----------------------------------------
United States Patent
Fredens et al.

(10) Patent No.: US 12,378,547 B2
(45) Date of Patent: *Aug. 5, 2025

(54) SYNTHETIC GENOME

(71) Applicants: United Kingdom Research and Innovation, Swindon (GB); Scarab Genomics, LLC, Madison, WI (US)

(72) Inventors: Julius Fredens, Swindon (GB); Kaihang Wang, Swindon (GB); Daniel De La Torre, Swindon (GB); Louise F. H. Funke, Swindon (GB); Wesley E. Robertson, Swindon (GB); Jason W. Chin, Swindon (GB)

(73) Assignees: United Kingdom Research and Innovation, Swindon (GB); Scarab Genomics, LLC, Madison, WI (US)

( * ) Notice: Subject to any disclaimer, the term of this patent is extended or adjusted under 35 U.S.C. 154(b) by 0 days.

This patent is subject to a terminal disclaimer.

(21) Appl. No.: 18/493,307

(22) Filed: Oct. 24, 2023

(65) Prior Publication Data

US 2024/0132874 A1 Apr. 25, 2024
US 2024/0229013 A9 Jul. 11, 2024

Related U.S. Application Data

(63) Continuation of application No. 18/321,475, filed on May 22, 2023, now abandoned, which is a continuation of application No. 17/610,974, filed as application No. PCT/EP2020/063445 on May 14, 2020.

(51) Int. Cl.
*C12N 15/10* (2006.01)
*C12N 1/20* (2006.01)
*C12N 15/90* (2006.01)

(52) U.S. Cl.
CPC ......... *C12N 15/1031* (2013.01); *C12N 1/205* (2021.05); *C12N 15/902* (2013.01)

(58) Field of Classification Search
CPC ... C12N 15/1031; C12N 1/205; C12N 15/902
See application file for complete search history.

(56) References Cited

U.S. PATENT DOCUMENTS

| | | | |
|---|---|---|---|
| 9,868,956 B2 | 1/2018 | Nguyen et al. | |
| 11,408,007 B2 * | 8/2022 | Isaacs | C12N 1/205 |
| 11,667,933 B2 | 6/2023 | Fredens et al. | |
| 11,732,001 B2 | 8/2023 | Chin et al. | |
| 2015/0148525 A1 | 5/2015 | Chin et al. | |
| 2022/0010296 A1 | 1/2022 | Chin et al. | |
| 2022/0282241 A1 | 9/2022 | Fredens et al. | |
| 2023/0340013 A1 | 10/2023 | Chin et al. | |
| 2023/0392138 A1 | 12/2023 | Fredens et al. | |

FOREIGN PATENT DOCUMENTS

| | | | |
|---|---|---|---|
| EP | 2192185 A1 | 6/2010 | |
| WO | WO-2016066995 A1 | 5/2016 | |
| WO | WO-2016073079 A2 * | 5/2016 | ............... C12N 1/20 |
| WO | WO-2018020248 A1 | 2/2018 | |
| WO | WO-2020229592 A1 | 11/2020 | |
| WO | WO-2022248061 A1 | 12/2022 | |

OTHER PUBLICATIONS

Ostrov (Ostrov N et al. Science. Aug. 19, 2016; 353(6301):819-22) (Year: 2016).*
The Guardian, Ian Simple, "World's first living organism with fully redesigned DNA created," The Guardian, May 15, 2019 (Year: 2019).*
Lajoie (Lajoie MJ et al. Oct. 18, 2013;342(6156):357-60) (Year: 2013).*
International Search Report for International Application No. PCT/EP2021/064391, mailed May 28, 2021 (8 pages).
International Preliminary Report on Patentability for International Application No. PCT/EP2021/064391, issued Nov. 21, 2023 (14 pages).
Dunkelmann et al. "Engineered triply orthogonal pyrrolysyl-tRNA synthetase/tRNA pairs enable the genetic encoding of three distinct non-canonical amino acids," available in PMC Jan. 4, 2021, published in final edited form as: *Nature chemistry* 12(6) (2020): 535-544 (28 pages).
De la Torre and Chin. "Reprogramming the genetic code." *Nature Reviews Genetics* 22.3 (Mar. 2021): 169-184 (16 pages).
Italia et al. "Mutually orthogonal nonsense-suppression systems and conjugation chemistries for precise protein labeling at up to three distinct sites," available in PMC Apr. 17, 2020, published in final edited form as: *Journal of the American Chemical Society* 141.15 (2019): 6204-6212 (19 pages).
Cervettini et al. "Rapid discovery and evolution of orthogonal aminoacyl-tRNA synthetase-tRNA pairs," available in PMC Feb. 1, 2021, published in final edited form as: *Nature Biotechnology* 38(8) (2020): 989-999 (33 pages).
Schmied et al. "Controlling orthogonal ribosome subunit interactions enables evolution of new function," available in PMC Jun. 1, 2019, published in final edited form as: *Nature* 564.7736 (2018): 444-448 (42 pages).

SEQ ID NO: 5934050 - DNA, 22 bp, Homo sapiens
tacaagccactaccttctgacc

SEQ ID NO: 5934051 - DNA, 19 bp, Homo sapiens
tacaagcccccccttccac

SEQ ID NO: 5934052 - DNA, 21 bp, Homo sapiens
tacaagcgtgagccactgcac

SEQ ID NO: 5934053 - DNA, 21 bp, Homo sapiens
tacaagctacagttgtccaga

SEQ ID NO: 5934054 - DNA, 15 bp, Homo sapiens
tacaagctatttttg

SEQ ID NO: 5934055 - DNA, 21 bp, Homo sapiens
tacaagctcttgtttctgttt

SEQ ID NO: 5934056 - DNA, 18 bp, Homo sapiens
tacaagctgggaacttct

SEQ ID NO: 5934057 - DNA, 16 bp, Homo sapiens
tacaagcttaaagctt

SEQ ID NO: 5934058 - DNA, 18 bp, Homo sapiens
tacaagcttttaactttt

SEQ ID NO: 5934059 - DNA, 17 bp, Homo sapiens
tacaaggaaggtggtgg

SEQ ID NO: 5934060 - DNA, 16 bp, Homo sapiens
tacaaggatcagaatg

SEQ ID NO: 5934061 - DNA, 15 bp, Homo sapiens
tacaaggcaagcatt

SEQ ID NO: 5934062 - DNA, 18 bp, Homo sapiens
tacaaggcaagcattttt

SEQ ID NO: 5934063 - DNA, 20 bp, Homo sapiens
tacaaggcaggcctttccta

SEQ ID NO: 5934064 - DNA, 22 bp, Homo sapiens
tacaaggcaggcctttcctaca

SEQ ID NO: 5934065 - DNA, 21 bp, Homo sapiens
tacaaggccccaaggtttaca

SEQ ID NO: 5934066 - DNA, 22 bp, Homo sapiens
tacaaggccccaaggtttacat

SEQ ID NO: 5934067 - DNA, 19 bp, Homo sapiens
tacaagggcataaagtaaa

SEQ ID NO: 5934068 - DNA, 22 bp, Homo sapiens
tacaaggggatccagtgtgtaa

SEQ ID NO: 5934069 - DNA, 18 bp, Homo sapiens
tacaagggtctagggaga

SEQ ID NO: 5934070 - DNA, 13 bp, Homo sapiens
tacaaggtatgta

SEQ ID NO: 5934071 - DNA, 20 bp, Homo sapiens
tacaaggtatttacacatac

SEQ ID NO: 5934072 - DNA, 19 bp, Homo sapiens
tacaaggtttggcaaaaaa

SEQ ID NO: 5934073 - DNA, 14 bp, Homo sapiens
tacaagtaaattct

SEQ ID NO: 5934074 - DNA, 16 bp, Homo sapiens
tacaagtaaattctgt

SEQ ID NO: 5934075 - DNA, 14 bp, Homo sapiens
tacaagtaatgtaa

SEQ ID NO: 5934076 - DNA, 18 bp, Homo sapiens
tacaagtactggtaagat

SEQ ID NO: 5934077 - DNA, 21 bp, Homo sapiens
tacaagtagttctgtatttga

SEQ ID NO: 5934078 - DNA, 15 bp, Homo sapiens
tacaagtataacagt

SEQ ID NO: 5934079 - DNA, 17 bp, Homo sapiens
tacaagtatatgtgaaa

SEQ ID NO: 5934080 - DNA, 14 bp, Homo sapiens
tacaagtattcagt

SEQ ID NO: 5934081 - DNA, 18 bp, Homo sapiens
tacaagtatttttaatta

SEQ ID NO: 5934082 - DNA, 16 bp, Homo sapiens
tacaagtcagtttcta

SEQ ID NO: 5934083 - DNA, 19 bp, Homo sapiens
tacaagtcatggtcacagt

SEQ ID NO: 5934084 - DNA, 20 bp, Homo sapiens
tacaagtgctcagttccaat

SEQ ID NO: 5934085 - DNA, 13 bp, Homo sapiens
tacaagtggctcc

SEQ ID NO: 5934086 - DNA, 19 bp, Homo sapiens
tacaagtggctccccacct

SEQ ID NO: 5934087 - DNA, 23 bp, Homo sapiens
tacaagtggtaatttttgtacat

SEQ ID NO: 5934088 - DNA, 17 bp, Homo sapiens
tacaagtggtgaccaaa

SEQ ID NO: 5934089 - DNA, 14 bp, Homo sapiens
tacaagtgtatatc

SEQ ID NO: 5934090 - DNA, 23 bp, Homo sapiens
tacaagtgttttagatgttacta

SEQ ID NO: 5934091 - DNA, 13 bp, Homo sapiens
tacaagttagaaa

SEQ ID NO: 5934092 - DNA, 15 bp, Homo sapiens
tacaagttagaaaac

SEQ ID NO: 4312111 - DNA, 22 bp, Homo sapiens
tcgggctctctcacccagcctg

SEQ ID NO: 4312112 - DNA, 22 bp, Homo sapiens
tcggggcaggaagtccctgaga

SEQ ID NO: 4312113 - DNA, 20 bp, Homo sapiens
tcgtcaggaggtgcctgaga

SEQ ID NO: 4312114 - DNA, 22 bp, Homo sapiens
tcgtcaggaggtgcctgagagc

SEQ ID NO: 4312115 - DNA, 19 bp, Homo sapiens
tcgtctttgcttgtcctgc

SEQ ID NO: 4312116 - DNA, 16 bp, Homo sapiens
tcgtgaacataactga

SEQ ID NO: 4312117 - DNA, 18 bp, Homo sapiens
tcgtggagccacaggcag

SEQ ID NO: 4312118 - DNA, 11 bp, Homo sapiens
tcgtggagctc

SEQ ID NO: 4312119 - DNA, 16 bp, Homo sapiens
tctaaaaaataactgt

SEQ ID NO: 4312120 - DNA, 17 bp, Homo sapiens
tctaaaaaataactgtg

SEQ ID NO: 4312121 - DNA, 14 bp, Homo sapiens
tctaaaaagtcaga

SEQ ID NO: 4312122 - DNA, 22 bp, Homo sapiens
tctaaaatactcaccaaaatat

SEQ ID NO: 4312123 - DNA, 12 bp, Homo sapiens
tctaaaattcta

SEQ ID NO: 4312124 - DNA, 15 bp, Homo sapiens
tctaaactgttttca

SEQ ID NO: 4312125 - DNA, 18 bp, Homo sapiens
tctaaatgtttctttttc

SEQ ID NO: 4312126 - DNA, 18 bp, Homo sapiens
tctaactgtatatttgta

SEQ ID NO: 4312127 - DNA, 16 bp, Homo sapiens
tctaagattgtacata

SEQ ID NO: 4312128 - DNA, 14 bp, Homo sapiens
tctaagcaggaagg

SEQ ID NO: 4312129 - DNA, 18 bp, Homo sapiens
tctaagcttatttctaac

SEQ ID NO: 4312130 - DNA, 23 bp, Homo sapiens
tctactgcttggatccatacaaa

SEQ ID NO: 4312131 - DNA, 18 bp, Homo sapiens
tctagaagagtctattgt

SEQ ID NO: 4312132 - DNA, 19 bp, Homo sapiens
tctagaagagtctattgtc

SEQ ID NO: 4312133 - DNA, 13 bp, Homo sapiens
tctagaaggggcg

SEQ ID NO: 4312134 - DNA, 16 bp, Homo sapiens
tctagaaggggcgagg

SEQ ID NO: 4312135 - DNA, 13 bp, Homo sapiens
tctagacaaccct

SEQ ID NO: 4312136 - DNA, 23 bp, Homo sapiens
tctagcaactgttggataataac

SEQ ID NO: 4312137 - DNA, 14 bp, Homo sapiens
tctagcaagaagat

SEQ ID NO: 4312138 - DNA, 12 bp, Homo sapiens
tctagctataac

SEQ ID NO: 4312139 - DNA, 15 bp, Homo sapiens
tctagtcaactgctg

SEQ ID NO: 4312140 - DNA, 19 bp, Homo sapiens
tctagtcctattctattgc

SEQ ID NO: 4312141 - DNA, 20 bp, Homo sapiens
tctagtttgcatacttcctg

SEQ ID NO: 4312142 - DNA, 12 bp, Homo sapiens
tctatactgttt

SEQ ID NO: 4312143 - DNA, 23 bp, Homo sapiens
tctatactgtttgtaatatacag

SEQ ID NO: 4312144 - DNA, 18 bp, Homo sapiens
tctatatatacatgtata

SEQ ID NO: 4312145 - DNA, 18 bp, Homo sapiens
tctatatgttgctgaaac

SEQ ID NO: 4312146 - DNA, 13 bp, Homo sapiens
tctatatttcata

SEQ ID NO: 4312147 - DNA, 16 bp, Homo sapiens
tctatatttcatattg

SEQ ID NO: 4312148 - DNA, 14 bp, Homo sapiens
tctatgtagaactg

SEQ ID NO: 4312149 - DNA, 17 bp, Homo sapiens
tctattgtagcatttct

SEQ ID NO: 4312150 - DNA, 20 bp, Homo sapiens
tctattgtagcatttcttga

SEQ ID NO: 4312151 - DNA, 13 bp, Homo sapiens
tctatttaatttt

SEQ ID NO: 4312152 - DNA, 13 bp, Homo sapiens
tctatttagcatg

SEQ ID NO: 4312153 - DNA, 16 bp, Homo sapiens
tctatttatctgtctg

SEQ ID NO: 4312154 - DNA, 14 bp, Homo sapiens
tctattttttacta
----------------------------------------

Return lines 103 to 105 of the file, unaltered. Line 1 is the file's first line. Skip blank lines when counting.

tacaaggtatttacacatac

SEQ ID NO: 5934072 - DNA, 19 bp, Homo sapiens
tacaaggtttggcaaaaaa